Saturday, July 24, 2021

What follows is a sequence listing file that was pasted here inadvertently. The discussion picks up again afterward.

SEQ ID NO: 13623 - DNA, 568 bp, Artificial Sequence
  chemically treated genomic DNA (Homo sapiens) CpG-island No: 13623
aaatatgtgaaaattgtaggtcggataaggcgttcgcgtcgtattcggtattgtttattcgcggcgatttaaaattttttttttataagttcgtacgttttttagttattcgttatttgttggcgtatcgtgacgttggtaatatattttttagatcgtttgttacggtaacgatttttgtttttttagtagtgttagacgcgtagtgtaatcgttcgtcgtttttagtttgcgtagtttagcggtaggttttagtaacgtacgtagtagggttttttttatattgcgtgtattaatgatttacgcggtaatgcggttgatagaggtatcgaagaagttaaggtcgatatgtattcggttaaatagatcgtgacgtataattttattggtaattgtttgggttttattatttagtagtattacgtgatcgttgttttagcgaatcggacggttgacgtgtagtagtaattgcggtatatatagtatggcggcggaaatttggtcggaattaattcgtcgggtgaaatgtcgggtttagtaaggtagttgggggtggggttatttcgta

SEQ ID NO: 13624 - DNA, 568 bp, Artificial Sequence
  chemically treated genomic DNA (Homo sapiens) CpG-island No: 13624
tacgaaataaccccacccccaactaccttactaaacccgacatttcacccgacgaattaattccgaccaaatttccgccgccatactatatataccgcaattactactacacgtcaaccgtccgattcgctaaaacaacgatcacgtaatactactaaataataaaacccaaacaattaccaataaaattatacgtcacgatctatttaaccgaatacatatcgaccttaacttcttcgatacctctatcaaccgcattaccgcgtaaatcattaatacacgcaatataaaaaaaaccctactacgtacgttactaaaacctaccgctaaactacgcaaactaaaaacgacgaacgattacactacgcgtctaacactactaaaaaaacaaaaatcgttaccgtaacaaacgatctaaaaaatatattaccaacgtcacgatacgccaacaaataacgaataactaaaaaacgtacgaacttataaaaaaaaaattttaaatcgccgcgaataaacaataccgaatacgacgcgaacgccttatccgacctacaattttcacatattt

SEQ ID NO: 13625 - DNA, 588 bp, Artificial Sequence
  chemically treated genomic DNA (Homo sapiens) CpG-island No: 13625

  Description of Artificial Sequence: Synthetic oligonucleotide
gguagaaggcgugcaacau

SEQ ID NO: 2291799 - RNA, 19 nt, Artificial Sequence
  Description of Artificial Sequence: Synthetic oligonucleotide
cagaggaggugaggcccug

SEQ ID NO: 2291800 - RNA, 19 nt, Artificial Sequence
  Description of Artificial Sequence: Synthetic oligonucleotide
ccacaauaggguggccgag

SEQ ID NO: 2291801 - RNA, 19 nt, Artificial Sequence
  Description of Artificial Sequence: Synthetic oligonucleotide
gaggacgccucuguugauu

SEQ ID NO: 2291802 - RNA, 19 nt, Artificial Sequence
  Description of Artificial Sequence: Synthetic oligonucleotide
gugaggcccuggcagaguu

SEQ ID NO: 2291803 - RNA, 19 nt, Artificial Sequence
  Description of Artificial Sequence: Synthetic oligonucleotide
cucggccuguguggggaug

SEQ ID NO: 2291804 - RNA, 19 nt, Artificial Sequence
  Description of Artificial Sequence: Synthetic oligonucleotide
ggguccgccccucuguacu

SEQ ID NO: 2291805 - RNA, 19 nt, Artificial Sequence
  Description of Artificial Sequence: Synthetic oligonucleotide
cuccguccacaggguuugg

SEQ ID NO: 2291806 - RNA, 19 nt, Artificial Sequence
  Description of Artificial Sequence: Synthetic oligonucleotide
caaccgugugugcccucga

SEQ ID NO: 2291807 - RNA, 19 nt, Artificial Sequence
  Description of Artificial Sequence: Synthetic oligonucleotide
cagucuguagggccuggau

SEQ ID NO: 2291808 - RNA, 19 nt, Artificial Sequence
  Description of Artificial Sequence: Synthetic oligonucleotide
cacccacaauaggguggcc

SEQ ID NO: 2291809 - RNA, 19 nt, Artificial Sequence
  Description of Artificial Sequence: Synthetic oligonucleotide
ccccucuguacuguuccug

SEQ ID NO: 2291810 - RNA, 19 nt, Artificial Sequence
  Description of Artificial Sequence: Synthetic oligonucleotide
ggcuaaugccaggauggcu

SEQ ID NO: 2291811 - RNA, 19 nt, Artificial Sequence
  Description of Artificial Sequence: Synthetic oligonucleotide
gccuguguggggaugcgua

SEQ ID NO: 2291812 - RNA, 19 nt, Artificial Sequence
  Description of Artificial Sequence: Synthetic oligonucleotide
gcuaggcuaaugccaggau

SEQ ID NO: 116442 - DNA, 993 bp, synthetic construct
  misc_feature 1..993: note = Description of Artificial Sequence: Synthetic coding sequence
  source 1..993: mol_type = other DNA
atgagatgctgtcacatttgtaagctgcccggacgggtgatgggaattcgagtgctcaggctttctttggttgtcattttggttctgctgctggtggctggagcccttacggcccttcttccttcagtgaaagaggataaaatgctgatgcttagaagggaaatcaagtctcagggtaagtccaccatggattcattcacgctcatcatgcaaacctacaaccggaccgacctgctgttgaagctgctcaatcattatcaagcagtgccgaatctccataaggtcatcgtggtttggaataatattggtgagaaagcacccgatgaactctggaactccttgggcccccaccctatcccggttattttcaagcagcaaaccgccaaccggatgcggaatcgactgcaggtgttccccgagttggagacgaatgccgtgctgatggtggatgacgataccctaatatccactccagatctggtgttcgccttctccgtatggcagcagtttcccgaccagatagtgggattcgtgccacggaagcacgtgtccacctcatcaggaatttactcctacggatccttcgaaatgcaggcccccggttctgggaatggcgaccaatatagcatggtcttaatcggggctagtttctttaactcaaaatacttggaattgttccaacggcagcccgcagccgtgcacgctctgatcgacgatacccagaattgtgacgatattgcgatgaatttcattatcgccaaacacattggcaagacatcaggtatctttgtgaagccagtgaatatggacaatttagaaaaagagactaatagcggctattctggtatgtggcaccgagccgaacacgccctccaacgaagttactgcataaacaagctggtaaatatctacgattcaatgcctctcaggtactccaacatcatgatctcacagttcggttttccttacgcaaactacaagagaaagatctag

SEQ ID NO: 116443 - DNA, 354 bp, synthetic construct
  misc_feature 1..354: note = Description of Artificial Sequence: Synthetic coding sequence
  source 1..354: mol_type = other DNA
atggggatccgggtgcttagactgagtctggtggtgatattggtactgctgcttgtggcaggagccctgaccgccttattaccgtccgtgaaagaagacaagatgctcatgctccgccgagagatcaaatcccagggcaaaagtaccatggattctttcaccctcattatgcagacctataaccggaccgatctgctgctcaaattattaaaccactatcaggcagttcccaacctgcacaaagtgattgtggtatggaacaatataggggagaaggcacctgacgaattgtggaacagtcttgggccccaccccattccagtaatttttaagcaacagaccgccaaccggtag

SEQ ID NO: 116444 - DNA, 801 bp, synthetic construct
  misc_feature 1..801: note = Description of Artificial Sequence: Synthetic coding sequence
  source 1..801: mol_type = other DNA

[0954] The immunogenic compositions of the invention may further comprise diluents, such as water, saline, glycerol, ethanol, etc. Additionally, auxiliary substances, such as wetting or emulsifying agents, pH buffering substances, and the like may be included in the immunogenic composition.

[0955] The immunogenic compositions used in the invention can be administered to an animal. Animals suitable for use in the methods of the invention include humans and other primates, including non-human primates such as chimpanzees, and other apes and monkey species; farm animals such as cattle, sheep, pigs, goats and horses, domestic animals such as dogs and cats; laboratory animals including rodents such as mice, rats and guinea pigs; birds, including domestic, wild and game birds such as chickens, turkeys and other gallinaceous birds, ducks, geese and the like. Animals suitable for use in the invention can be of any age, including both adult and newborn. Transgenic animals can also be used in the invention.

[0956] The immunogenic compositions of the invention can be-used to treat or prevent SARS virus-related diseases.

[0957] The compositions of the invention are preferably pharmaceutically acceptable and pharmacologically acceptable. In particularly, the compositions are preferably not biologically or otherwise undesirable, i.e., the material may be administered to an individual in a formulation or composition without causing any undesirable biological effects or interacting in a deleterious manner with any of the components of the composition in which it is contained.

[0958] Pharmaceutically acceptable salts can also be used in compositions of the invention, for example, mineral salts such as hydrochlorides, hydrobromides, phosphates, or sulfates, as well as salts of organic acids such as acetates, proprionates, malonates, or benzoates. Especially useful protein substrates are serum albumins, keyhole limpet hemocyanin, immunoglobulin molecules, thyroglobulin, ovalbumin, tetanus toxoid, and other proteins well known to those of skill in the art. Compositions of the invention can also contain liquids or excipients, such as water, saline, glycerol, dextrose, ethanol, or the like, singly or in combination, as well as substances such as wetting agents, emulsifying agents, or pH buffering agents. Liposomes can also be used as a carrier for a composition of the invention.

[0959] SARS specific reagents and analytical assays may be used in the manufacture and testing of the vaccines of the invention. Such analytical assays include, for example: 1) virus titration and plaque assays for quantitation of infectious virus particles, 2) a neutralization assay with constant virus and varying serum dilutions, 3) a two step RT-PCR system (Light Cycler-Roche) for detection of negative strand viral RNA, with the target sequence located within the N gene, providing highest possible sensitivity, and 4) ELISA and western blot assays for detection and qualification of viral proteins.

IN THE EVENT YOU Play ” NEW WORLD “? Beta Impressions From The Frontier